This military spouse couldn't find anyone to hire her—so she created a company that would

Squared Away connects highly skilled military spouses with companies who need extra hands on deck.
Michelle Penczak, owner of Squared Away.
Michelle Penczak, owner of Squared Away.Elise Jillian Photography

Breaking News Emails

Get breaking news alerts and special reports. The news and stories that matter, delivered weekday mornings.
SUBSCRIBE
By Rosie Colosi

Michelle Penczak, 32, had a job that she really enjoyed—working as a personal assistant for a lobbyist in Washington, D.C. But there was just one catch … she had fallen in love with a Marine.

“When you marry a Marine, you can’t take your job with you,” Penczak said, referring to the frequent moves that are often part of military family life.

When her husband, Maj. Sean Penczak, was stationed in Jacksonville, North Carolina, Penczak went on dozens of job interviews. “The interview would always go really well,” Penczak said, “and then they’d ask a personal question, which lead to the fact that my husband was in the military, and the tone would change to: ‘Thanks for coming out to see us.’” Penczak said she was determined to start working but “no one would hire me because I was a military spouse.”

Penczak shifted her focus to remote work as a virtual assistant for a company called Zirtual. But when Zirtual went bankrupt in 2015, Penczak was once again jobless.

“My husband was deployed, I was three months pregnant with our first baby, and I had no idea what to do,” Penczak said.

Becoming her own boss

Penczak had become so valuable to her Zirtual clients that sevreal stayed with her after the company folded. The business continued to grow organically, and Penczak eventually started her own team by hiring her first assistant, Kelsey Opel, who is now her director of operations.

Opel, another military spouse, had gone on 25 interviews before Penczak hired her. “I couldn’t get a job, and I had hit the point of not wanting to just be a stay-at-home mom,” Opel said. “Once I started working, I felt valued again. I was getting professional fulfillment, getting amazing contacts and supporting my family at the same time.”

Get the knowyourvalue newsletter.
Major Sean Penczak, Michelle Penczak and their two sons, Sawyer, 3, and Jamison, 4 months. Courtesy of Michelle Penczak

Penczak officially launched her company, Squared Away, two years ago—on Veterans Day in 2017. The business connects highly skilled military spouses with companies who need extra hands on deck. Penczak noted her 70 team members aren’t just virtual assistants. “They’re chief executive assistants—our clients’ right hand. They’re project managers, they’re the social media team, they’re human resources…” said Penczak.

They can even meal plan or hire a plumber if you need one. Most clients begin with Squared Away’s $500/month plan for 15 hours of help, and then increase from there.

Supply and demand

Though Penczak began her company with clients she already had on board, it wasn’t always smooth sailing. She had to get the word out to increase her client roster while making sure she had qualified assistants to meet the demand—and those assistants had to be readily available in the time zone of each client’s choice. And since 95 percent of her new business is client referrals, she wanted to hire top-notch people to keep those referrals rolling in.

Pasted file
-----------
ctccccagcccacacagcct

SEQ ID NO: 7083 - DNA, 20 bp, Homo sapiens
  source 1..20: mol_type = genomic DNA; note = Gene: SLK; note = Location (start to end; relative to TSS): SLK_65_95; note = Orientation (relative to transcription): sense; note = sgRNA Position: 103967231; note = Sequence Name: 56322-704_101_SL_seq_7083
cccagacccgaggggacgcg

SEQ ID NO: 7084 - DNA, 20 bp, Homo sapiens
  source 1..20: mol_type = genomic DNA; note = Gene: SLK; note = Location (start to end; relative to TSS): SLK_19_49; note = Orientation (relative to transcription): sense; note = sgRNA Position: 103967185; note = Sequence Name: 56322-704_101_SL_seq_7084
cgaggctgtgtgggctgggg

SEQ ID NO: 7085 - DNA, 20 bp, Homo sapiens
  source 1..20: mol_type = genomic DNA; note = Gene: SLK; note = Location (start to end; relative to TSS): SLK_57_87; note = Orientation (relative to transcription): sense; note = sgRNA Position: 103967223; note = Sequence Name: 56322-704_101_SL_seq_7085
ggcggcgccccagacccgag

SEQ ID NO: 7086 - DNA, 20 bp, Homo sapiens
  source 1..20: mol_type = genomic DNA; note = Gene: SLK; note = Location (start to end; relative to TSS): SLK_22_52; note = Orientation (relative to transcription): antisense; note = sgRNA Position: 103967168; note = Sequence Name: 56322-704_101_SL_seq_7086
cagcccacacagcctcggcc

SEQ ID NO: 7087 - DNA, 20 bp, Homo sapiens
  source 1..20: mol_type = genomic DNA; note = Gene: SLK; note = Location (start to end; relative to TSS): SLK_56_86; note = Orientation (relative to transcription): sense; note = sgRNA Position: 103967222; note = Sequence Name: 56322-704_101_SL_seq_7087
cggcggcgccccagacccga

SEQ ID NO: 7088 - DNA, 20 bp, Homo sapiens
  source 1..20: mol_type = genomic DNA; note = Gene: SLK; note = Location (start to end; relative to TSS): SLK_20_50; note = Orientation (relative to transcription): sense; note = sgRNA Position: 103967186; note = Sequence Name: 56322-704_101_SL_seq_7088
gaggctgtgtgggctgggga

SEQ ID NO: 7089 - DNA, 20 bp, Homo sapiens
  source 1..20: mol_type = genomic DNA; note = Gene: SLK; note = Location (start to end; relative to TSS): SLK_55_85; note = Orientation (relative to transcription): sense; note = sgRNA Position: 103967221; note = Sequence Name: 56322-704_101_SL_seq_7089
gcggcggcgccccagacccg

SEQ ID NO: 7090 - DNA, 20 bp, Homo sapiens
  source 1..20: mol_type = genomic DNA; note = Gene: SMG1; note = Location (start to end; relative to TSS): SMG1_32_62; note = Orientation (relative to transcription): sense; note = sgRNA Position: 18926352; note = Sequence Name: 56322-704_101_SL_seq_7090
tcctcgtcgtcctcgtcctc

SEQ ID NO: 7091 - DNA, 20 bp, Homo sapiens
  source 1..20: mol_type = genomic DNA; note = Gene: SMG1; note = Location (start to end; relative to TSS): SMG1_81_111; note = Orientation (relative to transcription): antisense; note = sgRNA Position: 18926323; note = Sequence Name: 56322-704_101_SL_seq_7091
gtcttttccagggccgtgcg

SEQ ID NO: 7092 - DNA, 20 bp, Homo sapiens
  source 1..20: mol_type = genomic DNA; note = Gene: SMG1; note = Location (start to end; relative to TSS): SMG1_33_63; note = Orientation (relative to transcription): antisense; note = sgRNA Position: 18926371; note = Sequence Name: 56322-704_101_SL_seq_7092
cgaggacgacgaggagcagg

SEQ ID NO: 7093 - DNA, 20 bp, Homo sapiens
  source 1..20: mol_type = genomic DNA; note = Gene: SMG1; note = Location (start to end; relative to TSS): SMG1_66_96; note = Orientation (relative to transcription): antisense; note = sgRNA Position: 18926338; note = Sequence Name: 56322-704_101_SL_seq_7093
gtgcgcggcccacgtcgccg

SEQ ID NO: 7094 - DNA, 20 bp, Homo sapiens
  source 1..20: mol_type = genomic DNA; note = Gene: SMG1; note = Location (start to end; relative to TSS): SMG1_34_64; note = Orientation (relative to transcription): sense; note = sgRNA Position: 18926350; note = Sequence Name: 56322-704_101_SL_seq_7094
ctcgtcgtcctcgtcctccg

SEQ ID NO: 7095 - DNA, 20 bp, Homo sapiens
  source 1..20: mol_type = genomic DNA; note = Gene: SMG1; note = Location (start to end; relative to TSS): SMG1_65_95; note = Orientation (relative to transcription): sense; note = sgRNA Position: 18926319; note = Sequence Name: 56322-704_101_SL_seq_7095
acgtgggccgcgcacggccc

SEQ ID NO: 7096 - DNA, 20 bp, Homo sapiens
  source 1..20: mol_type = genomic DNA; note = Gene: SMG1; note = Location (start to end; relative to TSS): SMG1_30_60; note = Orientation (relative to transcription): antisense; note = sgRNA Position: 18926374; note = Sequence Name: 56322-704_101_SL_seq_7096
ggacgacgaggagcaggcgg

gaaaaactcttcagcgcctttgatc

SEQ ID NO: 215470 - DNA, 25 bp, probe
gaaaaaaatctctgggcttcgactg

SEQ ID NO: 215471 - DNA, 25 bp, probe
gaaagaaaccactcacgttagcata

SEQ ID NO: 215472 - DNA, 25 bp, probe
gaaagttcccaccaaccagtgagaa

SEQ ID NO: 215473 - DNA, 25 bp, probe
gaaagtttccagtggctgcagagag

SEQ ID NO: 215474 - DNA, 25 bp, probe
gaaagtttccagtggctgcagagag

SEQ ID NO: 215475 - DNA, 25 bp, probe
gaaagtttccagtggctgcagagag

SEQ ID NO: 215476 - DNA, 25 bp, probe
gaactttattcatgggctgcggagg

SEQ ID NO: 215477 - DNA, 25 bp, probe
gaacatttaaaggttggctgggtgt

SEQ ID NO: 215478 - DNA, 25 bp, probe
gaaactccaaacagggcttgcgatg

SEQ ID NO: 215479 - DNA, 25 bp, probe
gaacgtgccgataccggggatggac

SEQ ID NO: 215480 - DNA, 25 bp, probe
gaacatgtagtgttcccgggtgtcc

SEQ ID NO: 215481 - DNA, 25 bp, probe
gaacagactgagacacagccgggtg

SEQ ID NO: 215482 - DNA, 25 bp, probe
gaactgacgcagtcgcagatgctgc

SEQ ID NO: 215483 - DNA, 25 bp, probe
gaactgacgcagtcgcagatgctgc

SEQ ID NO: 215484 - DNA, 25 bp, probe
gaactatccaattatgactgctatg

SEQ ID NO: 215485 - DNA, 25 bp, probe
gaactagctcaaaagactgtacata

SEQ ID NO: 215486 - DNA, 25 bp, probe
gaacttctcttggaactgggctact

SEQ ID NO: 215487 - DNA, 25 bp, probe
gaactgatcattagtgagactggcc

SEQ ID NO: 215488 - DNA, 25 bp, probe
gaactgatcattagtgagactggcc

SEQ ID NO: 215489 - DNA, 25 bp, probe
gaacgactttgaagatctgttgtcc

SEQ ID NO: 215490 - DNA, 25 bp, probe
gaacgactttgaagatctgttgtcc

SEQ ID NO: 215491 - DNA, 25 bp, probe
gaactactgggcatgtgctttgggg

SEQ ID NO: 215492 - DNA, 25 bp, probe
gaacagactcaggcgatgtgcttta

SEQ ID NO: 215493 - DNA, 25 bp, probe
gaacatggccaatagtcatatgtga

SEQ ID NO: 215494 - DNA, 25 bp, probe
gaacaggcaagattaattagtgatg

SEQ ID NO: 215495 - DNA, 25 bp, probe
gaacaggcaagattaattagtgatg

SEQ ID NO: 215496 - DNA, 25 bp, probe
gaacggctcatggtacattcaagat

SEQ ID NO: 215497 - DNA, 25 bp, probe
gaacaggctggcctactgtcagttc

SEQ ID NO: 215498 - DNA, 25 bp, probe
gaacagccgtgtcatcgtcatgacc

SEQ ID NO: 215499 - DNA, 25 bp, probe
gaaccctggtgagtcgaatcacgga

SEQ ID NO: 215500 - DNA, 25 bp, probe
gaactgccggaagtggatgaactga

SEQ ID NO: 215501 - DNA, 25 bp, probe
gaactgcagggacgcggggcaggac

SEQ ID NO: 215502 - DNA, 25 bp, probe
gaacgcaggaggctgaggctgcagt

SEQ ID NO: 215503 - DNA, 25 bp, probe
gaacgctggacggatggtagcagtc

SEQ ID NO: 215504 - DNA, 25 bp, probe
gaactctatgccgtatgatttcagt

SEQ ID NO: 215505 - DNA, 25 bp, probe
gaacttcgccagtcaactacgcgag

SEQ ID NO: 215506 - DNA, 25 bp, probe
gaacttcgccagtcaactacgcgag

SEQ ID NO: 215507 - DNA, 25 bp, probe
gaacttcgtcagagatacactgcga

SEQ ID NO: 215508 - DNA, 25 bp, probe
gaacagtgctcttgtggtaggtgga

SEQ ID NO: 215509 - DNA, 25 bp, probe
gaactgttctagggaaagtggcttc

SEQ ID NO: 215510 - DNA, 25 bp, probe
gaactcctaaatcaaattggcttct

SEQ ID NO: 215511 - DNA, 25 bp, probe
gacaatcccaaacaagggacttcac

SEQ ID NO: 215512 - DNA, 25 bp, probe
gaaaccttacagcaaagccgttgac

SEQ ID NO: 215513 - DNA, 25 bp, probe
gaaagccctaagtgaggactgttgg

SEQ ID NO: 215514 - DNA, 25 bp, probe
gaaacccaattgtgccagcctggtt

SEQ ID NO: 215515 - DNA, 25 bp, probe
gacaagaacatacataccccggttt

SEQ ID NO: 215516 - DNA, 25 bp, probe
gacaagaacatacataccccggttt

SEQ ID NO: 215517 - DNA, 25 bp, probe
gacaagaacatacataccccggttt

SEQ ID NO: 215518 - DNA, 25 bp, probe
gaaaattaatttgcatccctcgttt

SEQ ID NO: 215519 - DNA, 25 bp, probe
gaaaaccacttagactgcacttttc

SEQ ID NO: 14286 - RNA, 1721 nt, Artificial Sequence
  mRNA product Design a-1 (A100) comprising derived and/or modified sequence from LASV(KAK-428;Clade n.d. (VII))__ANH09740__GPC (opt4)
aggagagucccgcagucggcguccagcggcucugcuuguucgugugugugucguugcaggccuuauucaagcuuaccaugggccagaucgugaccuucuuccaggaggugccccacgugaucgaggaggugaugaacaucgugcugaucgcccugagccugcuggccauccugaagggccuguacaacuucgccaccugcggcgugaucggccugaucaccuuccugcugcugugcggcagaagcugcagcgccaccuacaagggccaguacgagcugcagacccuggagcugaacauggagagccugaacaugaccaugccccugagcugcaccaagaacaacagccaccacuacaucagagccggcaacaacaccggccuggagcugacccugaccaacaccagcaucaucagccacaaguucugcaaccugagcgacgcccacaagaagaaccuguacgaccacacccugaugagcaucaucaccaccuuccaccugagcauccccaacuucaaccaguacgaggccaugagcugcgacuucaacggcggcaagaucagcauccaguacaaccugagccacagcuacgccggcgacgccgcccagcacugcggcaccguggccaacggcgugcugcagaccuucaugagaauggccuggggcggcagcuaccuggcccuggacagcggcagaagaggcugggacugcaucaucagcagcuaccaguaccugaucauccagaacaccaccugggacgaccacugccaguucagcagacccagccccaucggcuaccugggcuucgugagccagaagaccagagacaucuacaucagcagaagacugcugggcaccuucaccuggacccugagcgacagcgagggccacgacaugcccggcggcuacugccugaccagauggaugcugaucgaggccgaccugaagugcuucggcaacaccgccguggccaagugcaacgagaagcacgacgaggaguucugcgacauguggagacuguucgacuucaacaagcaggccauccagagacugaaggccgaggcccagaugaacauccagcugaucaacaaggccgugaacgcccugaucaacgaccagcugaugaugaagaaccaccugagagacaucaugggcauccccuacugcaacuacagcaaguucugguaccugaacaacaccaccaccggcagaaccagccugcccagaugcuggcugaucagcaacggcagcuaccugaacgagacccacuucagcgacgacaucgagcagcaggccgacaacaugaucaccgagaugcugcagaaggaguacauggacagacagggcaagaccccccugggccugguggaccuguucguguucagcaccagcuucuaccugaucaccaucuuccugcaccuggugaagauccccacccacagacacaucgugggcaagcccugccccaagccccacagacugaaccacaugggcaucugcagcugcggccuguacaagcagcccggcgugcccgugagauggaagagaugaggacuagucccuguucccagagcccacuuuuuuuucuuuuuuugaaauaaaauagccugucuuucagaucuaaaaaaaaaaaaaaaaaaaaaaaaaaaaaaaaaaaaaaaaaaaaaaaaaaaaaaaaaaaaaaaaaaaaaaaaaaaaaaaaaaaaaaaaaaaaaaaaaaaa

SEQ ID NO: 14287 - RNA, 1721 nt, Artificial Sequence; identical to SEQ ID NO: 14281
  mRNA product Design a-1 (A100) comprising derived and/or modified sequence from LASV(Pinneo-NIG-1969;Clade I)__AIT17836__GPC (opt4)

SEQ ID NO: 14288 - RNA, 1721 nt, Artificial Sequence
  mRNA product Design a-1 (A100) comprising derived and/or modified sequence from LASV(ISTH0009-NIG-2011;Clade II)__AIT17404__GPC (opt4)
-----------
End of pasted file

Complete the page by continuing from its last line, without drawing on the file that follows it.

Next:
She partnered with Hiring Our Heroes, an initiative that connects veterans, service members and military spouses with meaningful employment. Hiring Our Heroes vets interested candidates, who must then pass a series of tests and interviews before being accepted into Squared Away’s training process. Not everyone makes it through training, Penczak cautions. Those who do are eligible to work with clients.

Penczak’s effort to engage and employ military spouses led to her being named Military Spouse of the Year for Kaneohe Bay.

Daily operations

Coordinating 70 people in multiple time zones and various countries is an enormous undertaking. “There’s a lot of caffeine involved,” joked Penczak. Mom to 3-year-old Sawyer and 4-month old Jamison, Penczak, who is currently living on Oahu in Hawaii, wakes up at 3 a.m. Hawaiian time in order to greet her team on the east coast. And for half of 2019, she was solo parenting while her husband was deployed in Australia.

“Motherhood is something we celebrate within Squared Away,” Penczak said. Her company was still in its infancy when her first child was born, and “it became a running joke that I was in labor with Sawyer and putting up my out-of-office message while getting my epidural.”

But she and her team have now set up an internal support system at Squared Away that helps moms get ready for their new additions. “I did take one client call three days after Jamison was born,” Penczak said, “but then I gave myself a month to get into a good mom routine while my team stepped up to help.”

Penczak also gave her top tips for women who are thinking about starting their own company:

"Always be empathetic—both internally and externally.”

Listening and understanding her team’s needs has led to an enthusiastic and dedicated staff. Doing the same for her clients resulted in an extremely high satisfaction and referral rate.

“There isn't a roadmap for how to navigate bumps in the road—go with your gut and surround yourself with people who support you.”

Penczak teamed up with Shane Mac, the CEO of an automated assistant platform Assist, to co-found Squared Away for exactly this reason. While Penczak worked to essentially clone herself and train other military spouses to be top-notch virtual assistants, Mac leant his expertise in growing and scaling a business.

Make time for you every day.

Just “15 or 20 minutes here or there does incredible things for your sanity!” said Penczak. One of the reasons Penczak rises so early every day is to sneak in quiet coffee time “before mom mode kicks in.”